It wasn't quite the sweeping narrative of past addresses, but in a strongly worded speech before the opening session of the United Nations General Assembly on Tuesday, President Barack Obama challenged the world leaders gathered before him to confront the forces of intolerance and extremism within their own countries and permit more freedom at home.
For a president whose past appearances at the U.N. have typically been marked by outreach and conciliation, Obama on Tuesday appeared notably frustrated by the unwillingness of other leaders, particularly in the Arab world, to critically examine the worst components of their own societies.
"True democracy -- real freedom -- is hard work," Obama said. "Those in power have to resist the temptation to crack down on dissent. In hard economic times, countries may be tempted to rally the people around perceived enemies, at home and abroad, rather than focusing on the painstaking work of reform."
The past few weeks have been tumultuous for American interests in the Middle East and North Africa, particularly after protesters stormed several U.S. diplomatic compounds in response to a privately produced, low-budget anti-Islam film, and an Islamist militant group attacked a U.S. consulate in Benghazi, Libya, leaving four Americans dead, including the U.S. ambassador, Christopher Stevens.
"The attacks of the last two weeks are not simply an assault on America," Obama said. "They are also an assault on the very ideals upon which the United Nations was founded -- the notion that people can resolve their differences peacefully; that diplomacy can take the place of war; and that in an interdependent world, all of us have a stake in working towards greater opportunity and security for our citizens."
He went on, "Today, we must affirm that our future will be determined by people like Chris Stevens, and not by his killers. Today, we must declare that this violence and intolerance has no place among our United Nations."
Denouncing the video that helped spark the protests as "crude and disgusting," Obama quickly turned to a defense of the American ideal of free speech that permitted such "offensive" publications to exist and issued a stern challenge to the assembled world leaders who had stood by while violent protests raged over the film.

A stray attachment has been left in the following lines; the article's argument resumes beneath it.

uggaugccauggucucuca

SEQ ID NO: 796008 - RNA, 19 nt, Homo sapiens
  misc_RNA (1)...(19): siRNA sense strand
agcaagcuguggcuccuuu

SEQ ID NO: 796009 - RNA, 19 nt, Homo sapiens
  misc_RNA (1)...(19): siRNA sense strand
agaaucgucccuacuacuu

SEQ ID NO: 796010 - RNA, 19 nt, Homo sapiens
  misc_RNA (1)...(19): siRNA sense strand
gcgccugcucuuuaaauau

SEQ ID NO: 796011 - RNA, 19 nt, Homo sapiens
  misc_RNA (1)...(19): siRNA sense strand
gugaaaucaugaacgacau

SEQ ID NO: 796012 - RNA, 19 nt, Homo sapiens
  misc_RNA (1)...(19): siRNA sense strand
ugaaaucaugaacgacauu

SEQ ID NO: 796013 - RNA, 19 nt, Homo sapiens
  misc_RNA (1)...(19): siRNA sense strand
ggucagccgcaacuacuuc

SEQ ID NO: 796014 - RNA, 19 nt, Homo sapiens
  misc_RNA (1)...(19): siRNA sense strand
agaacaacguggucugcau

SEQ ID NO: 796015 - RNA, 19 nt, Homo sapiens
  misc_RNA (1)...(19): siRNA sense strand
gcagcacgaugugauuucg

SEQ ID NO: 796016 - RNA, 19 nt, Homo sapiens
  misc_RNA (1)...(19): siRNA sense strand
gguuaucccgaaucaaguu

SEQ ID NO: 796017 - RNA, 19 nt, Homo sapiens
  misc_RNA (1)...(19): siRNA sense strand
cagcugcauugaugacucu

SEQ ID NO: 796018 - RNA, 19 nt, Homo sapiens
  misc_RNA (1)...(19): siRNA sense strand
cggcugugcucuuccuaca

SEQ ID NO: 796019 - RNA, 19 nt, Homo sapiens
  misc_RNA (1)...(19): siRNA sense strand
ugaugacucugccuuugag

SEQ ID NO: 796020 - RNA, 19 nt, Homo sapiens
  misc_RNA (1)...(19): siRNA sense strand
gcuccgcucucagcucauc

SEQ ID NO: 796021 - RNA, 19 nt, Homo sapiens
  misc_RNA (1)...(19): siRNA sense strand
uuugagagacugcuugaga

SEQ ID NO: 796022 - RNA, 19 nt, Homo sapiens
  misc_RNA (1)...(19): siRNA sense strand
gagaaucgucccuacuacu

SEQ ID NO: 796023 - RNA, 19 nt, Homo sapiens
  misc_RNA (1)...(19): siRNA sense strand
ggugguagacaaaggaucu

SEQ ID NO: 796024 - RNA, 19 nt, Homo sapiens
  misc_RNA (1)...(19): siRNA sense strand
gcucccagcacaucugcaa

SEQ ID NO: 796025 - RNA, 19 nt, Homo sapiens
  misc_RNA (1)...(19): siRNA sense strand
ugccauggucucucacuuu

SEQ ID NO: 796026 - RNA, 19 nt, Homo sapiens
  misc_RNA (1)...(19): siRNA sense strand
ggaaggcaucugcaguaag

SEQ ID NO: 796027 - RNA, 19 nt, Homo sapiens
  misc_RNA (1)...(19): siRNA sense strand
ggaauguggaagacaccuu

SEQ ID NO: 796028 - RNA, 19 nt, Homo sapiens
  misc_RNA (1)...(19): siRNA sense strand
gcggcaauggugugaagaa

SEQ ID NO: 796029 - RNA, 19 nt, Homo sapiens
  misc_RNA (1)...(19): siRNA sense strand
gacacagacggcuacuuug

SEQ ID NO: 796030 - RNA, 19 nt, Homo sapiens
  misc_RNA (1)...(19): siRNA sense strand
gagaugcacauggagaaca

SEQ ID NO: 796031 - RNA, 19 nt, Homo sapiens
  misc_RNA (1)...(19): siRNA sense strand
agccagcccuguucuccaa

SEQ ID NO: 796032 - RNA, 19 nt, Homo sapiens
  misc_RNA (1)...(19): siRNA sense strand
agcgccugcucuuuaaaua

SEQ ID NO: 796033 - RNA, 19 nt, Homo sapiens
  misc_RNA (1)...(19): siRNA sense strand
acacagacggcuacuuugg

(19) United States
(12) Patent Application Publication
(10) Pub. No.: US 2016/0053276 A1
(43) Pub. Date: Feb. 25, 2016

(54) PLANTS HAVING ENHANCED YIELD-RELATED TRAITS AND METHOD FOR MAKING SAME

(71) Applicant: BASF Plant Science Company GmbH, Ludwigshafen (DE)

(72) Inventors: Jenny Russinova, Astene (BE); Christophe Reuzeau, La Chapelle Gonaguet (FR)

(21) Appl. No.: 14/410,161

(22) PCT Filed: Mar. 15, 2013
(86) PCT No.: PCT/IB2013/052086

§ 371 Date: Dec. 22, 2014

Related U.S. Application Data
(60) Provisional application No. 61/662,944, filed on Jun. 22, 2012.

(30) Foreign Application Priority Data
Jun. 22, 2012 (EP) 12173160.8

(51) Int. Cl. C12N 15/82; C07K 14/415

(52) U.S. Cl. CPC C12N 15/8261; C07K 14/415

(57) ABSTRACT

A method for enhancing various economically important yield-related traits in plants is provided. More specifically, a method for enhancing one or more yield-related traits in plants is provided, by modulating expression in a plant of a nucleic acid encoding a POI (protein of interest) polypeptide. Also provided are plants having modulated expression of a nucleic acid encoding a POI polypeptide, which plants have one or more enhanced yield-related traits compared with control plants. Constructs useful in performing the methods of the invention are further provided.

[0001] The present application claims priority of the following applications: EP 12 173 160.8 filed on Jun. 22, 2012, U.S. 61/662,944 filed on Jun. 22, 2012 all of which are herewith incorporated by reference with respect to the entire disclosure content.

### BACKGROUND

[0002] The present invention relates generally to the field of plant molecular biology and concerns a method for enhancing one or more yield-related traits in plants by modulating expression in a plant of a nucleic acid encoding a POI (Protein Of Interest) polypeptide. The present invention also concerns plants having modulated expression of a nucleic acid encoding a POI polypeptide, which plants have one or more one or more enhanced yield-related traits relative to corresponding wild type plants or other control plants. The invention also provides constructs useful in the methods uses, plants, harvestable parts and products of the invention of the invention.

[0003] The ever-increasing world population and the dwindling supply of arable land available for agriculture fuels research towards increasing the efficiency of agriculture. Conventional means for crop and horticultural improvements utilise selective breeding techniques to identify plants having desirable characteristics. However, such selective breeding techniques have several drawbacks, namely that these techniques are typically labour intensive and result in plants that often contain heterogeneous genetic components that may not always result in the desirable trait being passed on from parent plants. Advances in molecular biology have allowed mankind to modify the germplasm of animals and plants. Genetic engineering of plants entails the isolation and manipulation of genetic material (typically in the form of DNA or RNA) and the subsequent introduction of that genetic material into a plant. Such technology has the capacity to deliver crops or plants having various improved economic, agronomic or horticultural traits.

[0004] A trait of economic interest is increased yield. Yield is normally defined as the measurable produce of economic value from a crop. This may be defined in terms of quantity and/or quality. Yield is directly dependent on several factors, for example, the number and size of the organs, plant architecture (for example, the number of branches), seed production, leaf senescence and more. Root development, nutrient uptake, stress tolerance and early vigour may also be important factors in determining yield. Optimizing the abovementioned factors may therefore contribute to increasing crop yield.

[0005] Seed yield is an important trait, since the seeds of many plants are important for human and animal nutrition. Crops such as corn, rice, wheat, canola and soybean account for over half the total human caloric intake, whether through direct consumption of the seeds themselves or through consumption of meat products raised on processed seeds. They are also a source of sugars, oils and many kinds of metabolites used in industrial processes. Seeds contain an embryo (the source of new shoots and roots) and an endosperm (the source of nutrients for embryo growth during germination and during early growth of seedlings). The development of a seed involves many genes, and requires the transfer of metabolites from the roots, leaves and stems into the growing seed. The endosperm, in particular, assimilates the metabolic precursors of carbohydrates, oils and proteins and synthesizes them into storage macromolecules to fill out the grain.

"I know that not all countries in this body share this understanding of the protection of free speech," he said. "Yet in 2012, at a time when anyone with a cell phone can spread offensive views around the world with the click of a button, the notion that we can control the flow of information is obsolete. The question, then, is how we respond. And on this we must agree: There is no speech that justifies mindless violence."
With only a few weeks to go before an election that will likely be decided on domestic issues, Obama has been criticized for adopting a low-profile position at this year's General Assembly. His appearance at the U.N. was scheduled to be followed only by a speech at the Clinton Global Initiative before the president returned to Washington. He had scheduled no one-on-one meetings with any of the other world leaders.
Republicans in particular have criticized Obama for failing to schedule any bilateral meetings in New York, especially with Israeli Prime Minister Benjamin Netanyahu, with whom the president has been in something close to open conflict over the proper course on Iran.
In his speech Tuesday, Obama reiterated his posture on Iran's nuclear program, saying that while the United States prefers a diplomatic solution, the time to find one "is not unlimited."
"Make no mistake: A nuclear-armed Iran is not a challenge that can be contained," Obama said. "It would threaten the elimination of Israel, the security of Gulf nations and the stability of the global economy. It risks triggering a nuclear arms race in the region and the unraveling of the Non-Proliferation Treaty. That is why a coalition of countries is holding the Iranian government accountable. And that is why the United States will do what we must to prevent Iran from obtaining a nuclear weapon."
He has also recently engaged in a delicate diplomatic dance with the newly elected president of Egypt, Mohammed Morsi, after Morsi stood by while angry protesters stormed the U.S. embassy in Cairo on Sept. 11. Obama signaled publicly in the aftermath of the attack that Egypt might not be considered an "ally" of the United States, and later held a stern phone call in which he clearly stated what America expected from the new leader, aides said.
Obama aides have said that the president's schedule does not allow for any bilateral meetings this week and pointed to his frequent contacts by phone with world leaders in recent days. Secretary of State Hillary Clinton had a typically frenetic schedule in New York, holding meetings on Monday with the presidents of Pakistan, Afghanistan, Libya and Egypt over the course of a 12-hour day.
Still, there was no question that the specter of electoral politics loomed over the president's appearance in New York.
At the same time as Obama stepped onto the podium at the U.N., his visit to the talk show "The View" also aired, a clear indication of how the president had chosen to spend his time.
“Look, if he met with one leader, he would have to meet with 10,” a White House aide told The New York Times on Tuesday, acknowledging that Obama's campaign schedule had effectively closed the door to even a single meeting.
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